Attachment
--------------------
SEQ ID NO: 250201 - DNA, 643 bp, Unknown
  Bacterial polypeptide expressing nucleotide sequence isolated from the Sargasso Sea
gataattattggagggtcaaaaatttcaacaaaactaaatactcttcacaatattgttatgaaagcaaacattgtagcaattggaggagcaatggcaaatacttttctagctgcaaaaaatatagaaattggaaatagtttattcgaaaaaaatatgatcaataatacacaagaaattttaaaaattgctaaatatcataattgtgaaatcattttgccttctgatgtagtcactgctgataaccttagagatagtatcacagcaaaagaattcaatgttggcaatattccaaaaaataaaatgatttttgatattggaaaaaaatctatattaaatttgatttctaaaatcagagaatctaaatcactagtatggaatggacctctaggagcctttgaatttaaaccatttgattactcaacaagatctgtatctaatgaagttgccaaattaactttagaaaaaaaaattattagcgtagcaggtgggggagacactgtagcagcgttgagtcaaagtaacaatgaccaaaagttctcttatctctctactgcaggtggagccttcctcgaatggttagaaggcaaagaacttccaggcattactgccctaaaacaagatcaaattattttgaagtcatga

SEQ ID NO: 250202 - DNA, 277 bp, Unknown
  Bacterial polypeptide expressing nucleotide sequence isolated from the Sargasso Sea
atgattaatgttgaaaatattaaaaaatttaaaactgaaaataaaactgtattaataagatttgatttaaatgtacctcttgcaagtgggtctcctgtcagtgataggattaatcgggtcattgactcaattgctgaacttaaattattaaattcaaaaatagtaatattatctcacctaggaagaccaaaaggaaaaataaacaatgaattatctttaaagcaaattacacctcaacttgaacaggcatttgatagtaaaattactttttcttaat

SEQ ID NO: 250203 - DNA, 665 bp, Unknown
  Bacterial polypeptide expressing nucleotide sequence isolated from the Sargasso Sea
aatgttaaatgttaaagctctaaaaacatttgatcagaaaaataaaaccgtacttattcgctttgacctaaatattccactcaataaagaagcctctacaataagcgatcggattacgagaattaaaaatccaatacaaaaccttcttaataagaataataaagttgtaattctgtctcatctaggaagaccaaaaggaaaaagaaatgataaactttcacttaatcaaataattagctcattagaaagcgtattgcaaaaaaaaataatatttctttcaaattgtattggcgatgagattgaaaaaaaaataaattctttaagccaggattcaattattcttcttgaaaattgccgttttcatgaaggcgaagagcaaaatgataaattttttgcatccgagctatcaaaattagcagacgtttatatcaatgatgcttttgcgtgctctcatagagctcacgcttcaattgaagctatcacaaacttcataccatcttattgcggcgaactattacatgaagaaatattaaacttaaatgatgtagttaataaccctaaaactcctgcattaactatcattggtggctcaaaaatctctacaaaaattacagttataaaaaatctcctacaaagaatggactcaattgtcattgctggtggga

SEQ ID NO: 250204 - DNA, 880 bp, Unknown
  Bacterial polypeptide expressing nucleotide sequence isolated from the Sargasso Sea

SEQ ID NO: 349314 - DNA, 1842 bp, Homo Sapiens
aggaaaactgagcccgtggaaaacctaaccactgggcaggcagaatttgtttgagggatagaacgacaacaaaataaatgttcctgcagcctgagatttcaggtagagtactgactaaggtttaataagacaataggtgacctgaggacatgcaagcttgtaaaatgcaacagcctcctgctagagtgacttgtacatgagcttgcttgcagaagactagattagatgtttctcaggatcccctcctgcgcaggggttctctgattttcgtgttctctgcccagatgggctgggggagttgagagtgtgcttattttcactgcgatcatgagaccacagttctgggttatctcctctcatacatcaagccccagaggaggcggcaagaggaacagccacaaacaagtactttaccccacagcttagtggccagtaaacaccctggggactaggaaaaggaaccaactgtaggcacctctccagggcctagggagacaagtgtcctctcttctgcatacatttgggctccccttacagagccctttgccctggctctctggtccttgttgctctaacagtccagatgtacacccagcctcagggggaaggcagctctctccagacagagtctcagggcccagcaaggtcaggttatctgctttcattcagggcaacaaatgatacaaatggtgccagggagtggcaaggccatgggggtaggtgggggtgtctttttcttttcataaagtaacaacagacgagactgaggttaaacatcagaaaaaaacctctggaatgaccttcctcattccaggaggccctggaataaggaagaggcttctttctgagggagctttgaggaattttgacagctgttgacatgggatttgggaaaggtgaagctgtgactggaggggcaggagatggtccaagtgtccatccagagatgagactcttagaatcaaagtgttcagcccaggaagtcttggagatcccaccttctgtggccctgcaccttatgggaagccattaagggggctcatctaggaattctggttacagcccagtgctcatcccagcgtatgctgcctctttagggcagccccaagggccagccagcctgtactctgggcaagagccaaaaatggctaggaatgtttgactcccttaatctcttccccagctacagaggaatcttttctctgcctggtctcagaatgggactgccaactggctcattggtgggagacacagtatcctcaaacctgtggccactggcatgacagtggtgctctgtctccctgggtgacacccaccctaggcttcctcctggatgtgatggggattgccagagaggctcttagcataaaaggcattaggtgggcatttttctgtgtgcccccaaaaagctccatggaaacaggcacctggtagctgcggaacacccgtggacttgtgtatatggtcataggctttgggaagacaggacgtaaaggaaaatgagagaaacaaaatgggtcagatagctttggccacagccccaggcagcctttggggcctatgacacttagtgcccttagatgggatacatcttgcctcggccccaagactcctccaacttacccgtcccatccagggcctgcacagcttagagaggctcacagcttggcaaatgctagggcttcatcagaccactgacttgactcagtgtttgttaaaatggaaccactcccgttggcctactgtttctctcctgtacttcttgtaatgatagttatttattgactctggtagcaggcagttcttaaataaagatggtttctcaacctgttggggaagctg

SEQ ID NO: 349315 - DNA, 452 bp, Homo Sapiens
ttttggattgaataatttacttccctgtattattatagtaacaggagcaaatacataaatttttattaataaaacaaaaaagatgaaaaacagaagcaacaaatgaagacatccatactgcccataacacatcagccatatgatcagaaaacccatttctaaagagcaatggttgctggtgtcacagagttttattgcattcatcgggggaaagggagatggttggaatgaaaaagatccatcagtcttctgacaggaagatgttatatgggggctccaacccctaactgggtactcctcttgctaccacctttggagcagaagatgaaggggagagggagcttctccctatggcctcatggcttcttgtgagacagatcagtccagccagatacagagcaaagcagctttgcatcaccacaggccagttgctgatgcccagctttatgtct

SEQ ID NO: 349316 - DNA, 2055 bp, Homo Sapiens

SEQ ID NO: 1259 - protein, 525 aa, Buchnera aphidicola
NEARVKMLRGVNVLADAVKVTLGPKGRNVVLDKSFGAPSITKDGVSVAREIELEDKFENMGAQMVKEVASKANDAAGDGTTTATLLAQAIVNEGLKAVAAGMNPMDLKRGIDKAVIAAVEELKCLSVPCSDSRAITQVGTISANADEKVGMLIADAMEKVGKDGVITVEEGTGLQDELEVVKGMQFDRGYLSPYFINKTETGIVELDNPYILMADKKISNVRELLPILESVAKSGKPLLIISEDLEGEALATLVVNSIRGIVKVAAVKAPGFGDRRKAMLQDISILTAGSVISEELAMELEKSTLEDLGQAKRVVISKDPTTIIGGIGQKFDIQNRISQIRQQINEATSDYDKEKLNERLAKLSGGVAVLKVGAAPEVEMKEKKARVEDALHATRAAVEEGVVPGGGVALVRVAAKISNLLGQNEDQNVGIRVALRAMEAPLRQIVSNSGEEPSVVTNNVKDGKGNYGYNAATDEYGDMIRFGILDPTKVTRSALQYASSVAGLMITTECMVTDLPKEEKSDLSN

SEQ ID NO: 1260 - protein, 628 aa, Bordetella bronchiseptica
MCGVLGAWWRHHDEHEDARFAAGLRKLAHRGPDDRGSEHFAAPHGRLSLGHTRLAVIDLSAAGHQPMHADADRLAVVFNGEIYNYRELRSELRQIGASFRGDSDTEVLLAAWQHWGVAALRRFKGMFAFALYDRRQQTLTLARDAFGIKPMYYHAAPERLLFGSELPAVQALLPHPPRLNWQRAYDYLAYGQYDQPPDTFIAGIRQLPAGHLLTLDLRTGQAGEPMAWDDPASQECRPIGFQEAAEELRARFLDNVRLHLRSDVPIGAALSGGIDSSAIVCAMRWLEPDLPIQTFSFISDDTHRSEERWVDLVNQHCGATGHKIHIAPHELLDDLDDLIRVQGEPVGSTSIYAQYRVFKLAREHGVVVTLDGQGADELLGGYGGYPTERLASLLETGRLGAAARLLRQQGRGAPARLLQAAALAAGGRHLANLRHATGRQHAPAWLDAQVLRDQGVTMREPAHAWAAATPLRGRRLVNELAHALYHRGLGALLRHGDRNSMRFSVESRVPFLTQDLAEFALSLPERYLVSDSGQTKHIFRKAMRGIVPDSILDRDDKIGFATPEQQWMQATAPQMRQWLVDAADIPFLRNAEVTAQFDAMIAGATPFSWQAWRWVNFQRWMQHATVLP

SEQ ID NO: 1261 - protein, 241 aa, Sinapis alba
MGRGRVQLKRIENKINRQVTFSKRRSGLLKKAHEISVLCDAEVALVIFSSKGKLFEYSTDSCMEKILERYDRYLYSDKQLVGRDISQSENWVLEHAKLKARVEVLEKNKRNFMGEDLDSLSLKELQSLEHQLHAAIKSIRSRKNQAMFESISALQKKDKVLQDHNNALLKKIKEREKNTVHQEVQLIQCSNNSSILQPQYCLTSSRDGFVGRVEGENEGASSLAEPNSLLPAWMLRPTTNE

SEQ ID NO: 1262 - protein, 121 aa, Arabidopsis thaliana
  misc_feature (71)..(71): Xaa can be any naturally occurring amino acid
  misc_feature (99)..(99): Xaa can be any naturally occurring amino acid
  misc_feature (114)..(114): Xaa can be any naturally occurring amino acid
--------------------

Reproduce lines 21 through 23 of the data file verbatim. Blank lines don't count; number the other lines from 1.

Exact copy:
SEQ ID NO: 1261 - protein, 241 aa, Sinapis alba
MGRGRVQLKRIENKINRQVTFSKRRSGLLKKAHEISVLCDAEVALVIFSSKGKLFEYSTDSCMEKILERYDRYLYSDKQLVGRDISQSENWVLEHAKLKARVEVLEKNKRNFMGEDLDSLSLKELQSLEHQLHAAIKSIRSRKNQAMFESISALQKKDKVLQDHNNALLKKIKEREKNTVHQEVQLIQCSNNSSILQPQYCLTSSRDGFVGRVEGENEGASSLAEPNSLLPAWMLRPTTNE

SEQ ID NO: 1262 - protein, 121 aa, Arabidopsis thaliana